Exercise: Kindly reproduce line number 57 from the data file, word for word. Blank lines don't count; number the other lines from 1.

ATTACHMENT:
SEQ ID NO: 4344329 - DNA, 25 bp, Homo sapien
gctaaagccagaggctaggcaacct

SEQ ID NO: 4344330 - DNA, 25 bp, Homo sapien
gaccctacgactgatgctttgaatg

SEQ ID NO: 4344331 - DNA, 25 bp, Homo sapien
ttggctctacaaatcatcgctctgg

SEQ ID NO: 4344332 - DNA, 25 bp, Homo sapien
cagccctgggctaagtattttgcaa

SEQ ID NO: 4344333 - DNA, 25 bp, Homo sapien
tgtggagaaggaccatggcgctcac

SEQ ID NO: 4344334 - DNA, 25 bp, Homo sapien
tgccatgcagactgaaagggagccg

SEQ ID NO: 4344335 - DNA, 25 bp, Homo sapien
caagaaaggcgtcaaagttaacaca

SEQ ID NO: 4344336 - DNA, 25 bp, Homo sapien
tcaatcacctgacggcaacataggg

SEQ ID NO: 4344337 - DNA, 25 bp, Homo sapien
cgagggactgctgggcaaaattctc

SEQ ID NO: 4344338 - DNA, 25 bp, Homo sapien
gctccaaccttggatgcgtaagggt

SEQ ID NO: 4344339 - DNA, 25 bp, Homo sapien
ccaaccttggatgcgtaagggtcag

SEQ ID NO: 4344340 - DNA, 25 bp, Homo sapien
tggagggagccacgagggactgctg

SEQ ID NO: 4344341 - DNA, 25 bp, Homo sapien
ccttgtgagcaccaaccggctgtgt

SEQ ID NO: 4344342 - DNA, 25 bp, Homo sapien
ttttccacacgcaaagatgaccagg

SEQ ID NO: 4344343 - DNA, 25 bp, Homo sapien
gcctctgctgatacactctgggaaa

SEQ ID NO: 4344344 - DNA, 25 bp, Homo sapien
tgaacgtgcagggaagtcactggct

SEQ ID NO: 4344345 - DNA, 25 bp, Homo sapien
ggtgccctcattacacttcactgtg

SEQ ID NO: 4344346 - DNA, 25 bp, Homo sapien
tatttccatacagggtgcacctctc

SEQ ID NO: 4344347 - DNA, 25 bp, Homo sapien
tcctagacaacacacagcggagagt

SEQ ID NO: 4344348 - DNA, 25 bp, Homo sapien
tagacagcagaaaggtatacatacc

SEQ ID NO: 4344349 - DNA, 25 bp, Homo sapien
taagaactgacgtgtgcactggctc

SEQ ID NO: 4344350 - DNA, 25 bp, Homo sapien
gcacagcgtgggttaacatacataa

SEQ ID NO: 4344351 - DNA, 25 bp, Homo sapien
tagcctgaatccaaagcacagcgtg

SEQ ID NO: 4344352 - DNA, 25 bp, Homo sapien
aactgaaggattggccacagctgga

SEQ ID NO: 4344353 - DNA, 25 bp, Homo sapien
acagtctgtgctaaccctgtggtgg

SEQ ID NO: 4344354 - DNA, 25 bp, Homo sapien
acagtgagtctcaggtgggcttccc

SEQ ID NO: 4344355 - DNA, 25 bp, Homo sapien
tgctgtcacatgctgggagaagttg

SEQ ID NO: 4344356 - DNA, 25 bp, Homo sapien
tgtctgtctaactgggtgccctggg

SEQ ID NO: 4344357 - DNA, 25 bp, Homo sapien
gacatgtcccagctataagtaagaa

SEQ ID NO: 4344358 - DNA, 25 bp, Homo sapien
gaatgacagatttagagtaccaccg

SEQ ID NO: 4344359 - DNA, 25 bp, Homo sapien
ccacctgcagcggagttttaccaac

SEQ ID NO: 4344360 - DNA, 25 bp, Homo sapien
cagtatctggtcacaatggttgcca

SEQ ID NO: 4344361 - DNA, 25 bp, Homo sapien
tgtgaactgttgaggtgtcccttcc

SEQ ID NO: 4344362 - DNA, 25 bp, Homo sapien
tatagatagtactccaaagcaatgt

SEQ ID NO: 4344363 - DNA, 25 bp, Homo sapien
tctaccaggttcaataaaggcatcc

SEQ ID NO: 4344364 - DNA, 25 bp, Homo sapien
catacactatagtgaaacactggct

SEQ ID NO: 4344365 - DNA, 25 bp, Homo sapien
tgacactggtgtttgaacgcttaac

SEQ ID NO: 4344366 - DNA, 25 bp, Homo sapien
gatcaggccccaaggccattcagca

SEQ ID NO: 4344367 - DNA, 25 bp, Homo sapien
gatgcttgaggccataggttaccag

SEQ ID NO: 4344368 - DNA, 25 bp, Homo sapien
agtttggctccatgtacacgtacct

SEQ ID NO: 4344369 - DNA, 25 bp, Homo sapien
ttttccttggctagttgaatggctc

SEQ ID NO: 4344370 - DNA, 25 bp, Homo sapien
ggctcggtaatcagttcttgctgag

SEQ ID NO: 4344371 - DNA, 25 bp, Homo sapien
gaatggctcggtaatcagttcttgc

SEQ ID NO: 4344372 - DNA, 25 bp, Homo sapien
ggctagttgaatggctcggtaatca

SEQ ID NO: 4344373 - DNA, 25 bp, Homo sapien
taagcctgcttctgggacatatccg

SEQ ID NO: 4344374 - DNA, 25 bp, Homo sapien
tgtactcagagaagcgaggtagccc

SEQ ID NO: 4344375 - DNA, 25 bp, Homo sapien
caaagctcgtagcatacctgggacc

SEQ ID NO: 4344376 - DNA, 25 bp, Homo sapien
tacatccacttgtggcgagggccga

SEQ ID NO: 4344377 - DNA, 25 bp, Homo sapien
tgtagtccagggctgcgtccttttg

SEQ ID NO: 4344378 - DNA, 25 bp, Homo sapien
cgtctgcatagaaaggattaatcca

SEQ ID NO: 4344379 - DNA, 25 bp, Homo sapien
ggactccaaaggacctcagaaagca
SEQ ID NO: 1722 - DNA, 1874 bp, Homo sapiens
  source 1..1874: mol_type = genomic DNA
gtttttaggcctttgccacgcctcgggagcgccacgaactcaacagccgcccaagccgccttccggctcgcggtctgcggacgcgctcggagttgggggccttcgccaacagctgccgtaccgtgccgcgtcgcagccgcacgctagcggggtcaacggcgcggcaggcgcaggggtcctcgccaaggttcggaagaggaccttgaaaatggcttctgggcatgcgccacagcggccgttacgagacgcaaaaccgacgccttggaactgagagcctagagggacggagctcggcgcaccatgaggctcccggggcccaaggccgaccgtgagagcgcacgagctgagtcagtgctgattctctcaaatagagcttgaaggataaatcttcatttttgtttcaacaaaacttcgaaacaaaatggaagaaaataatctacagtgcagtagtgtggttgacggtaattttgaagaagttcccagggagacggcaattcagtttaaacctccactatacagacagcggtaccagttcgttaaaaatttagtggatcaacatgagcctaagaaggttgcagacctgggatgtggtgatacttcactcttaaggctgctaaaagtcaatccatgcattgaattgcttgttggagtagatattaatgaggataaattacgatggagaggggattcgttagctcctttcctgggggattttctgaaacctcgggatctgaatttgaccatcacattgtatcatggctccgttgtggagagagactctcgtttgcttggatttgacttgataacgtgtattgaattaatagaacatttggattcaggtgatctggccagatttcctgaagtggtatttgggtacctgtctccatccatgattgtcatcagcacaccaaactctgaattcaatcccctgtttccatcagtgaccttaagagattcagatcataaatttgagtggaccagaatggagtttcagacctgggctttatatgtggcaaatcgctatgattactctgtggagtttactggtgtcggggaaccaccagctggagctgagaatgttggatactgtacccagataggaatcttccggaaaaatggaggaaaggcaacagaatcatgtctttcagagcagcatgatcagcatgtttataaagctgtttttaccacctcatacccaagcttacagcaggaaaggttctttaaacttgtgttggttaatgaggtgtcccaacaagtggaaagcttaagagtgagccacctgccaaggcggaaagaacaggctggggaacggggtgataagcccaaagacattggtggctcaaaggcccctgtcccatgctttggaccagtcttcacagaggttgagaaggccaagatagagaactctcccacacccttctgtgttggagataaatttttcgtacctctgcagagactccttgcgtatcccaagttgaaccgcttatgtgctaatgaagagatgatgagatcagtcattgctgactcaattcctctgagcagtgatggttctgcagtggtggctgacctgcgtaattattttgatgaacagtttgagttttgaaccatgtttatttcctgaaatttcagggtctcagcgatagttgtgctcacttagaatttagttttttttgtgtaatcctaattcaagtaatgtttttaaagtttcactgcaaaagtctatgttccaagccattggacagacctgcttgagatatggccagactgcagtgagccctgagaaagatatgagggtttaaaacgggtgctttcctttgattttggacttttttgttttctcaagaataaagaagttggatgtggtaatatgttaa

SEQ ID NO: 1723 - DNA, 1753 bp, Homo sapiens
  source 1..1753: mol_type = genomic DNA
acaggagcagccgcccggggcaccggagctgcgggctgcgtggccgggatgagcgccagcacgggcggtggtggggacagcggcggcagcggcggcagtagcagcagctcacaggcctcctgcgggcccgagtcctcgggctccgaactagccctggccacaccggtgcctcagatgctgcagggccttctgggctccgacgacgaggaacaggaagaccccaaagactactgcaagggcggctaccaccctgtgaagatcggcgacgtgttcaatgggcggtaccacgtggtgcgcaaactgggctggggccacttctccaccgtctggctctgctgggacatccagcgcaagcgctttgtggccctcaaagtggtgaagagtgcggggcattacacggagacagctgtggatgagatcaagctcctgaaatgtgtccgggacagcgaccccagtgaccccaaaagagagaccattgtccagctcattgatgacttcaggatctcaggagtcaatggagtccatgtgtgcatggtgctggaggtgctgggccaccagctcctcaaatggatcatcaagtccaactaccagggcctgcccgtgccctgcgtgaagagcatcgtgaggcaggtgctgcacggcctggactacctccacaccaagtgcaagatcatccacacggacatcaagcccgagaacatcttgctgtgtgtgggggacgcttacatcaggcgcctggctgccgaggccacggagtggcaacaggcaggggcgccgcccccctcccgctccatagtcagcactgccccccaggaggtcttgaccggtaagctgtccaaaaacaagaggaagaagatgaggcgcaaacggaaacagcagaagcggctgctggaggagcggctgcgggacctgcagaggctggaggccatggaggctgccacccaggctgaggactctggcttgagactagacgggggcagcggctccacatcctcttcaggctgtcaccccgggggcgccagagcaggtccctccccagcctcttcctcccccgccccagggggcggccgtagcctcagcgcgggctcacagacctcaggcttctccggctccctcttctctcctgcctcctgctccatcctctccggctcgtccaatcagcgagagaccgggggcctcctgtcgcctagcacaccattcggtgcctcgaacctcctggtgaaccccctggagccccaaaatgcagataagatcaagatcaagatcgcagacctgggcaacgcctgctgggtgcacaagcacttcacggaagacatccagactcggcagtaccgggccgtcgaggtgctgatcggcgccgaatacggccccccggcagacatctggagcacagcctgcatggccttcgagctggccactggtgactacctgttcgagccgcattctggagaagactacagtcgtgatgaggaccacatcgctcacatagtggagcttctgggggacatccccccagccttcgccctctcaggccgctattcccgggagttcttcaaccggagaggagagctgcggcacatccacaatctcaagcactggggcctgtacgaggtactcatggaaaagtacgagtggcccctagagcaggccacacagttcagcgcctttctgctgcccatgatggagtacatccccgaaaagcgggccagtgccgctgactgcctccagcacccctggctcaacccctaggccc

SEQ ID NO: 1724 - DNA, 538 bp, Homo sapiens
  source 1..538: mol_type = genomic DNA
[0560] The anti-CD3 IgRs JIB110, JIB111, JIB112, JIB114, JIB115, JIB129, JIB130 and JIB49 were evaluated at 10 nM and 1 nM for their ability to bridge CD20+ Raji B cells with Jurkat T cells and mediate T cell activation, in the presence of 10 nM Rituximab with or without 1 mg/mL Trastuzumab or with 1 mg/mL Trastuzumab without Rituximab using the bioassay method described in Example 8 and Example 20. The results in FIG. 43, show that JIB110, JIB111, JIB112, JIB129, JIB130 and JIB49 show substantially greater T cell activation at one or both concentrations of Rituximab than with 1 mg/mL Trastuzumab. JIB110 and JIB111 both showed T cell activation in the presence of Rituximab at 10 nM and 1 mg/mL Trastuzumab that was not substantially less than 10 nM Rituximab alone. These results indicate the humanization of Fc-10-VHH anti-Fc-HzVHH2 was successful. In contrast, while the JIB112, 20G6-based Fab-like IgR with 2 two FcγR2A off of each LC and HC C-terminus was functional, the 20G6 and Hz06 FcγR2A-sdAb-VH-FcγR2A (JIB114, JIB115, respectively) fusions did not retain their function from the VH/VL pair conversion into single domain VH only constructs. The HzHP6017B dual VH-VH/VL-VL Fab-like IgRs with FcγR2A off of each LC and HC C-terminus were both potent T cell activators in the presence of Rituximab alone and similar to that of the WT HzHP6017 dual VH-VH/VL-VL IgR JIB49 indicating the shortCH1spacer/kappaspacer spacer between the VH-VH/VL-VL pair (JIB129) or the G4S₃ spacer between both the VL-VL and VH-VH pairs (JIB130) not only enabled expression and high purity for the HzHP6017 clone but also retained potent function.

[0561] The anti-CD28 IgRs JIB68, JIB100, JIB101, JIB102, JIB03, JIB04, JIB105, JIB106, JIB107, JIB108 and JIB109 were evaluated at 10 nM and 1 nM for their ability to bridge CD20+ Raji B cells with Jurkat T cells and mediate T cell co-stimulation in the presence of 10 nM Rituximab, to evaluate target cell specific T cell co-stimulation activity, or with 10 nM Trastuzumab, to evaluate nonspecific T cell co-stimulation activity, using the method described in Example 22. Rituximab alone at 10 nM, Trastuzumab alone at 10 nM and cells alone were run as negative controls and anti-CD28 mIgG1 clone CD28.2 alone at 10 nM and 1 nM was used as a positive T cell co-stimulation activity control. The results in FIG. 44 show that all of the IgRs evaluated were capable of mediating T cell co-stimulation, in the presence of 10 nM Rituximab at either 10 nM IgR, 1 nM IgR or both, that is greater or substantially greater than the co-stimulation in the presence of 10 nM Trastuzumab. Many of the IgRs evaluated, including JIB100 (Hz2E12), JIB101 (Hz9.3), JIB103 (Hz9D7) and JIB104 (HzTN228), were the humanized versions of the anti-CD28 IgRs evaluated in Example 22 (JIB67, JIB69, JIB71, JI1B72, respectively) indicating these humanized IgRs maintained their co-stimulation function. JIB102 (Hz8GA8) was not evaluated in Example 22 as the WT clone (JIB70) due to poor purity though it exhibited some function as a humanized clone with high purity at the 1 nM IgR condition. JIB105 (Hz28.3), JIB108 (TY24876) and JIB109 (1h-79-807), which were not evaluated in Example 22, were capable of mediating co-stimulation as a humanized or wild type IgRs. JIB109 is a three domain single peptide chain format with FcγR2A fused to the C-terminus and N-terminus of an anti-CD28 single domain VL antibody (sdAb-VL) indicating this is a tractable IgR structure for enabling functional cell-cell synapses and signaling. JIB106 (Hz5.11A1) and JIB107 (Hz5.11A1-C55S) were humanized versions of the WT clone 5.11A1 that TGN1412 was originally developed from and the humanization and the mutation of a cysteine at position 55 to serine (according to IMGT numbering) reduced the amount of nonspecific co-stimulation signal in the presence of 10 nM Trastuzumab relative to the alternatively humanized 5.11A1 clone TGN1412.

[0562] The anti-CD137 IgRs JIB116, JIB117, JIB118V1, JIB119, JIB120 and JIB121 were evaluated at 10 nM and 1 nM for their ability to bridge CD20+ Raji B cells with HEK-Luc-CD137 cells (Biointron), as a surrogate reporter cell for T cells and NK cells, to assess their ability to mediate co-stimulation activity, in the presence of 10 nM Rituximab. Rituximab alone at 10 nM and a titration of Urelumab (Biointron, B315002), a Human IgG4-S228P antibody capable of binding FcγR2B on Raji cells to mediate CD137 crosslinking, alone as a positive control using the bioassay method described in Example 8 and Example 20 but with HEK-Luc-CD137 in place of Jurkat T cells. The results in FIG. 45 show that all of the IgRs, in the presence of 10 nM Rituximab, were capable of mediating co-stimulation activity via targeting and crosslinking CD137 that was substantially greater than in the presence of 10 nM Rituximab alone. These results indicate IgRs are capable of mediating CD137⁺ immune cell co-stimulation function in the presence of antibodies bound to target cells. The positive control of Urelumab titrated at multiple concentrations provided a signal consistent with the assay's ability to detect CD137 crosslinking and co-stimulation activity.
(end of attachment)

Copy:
SEQ ID NO: 4344357 - DNA, 25 bp, Homo sapien